An atomic line filter (ALF) is an advanced optical band-pass filter used in the physical sciences for filtering electromagnetic radiation with precision, accuracy, and minimal signal strength loss. Atomic line filters work via the absorption or resonance lines of atomic vapors and so may also be designated an atomic resonance filter (ARF).
The three major types of atomic line filters are absorption-re-emission ALFs, Faraday filters and Voigt filters. Absorption-re-emission filters were the first type developed, and so are commonly called simply “atomic line filters”; the other two types are usually referred to specifically as “Faraday filters” or “Voigt filters”. Atomic line filters use different mechanisms and designs for different applications, but the same basic strategy is always employed: by taking advantage of the narrow lines of absorption or resonance in a metallic vapor, a specific frequency of light bypasses a series of filters that block all other light.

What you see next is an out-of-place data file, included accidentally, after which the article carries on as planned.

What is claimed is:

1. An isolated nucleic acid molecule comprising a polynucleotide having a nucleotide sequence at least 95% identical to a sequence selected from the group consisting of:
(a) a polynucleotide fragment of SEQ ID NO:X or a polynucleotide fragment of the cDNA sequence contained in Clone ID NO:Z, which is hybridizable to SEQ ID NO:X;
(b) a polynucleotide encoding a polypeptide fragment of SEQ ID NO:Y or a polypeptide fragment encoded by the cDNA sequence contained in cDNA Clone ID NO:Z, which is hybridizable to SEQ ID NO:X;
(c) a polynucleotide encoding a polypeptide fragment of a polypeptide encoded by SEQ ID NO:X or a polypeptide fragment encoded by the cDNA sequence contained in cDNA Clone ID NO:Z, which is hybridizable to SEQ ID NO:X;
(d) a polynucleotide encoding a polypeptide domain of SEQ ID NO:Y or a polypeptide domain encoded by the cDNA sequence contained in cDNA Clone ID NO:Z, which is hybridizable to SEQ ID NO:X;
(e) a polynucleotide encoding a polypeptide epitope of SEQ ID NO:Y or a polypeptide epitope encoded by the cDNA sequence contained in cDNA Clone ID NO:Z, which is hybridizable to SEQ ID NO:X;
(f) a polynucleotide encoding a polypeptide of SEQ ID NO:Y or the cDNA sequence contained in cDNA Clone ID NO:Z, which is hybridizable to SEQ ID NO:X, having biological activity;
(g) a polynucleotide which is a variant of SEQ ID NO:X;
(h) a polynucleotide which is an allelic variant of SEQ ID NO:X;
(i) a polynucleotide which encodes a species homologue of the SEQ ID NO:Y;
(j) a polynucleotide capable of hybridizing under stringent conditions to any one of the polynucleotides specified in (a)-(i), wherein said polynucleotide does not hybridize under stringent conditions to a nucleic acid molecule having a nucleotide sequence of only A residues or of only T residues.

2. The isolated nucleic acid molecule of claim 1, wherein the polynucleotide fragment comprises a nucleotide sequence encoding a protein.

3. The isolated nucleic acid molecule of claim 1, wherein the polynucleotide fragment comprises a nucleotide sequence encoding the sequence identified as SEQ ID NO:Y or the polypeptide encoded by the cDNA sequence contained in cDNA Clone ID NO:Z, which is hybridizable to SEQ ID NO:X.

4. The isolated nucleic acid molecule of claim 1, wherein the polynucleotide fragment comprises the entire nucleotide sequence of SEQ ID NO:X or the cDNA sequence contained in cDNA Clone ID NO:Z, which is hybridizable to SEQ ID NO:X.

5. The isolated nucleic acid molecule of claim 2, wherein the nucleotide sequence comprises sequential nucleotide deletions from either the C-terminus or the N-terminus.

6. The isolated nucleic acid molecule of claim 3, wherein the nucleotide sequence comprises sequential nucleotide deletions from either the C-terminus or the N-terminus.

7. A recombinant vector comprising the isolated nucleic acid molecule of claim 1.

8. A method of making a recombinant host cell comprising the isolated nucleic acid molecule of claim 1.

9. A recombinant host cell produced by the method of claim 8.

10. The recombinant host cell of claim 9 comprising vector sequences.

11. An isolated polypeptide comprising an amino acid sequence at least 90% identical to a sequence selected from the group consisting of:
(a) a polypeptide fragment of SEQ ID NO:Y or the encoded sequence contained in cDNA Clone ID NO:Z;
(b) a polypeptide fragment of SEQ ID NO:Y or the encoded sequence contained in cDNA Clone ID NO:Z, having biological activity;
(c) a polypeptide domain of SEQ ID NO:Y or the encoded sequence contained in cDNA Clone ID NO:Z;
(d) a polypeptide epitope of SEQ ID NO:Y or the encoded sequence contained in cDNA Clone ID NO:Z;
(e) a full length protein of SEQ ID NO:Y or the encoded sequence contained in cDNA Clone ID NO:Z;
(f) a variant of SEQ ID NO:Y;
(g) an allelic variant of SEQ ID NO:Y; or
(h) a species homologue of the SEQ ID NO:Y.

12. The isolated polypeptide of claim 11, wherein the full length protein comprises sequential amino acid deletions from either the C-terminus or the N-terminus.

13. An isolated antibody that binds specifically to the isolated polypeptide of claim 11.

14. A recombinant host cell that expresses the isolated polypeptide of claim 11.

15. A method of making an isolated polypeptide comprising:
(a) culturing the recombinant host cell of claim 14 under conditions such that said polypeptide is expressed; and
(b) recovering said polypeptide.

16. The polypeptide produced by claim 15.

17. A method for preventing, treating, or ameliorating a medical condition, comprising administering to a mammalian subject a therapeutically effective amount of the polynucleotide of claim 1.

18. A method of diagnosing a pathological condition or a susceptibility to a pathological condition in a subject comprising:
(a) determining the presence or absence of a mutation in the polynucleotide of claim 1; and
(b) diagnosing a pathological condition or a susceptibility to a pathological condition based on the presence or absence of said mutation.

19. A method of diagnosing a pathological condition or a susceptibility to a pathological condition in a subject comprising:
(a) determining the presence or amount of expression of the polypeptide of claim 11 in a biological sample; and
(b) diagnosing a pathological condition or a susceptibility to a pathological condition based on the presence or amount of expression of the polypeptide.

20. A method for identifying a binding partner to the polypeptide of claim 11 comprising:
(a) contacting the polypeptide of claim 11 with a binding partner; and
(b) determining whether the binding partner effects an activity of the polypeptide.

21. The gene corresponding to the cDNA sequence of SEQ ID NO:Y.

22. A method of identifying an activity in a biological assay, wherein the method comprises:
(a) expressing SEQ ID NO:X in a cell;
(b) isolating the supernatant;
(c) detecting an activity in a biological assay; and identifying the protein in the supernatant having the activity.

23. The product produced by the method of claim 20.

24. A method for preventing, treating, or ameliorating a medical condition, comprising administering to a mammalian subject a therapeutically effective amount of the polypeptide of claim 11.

Atomic line filters can be considered the optical equivalent of lock-in amplifiers; they are used in scientific applications requiring the effective detection of a narrowband signal (almost always laser light) that would otherwise be obscured by broadband sources, such as daylight. They are used regularly in Laser Imaging Detection and Ranging (LIDAR) and are being studied for their potential use in laser communication systems. Atomic line filters are superior to conventional dielectric optical filters such as interference filters and Lyot filters, but their greater complexity makes them practical only in background-limited detection, where a weak signal is detected while suppressing a strong background. Compared to etalons, another high-end optical filter, Faraday filters are significantly sturdier and may be six times cheaper at around US$15,000 per unit.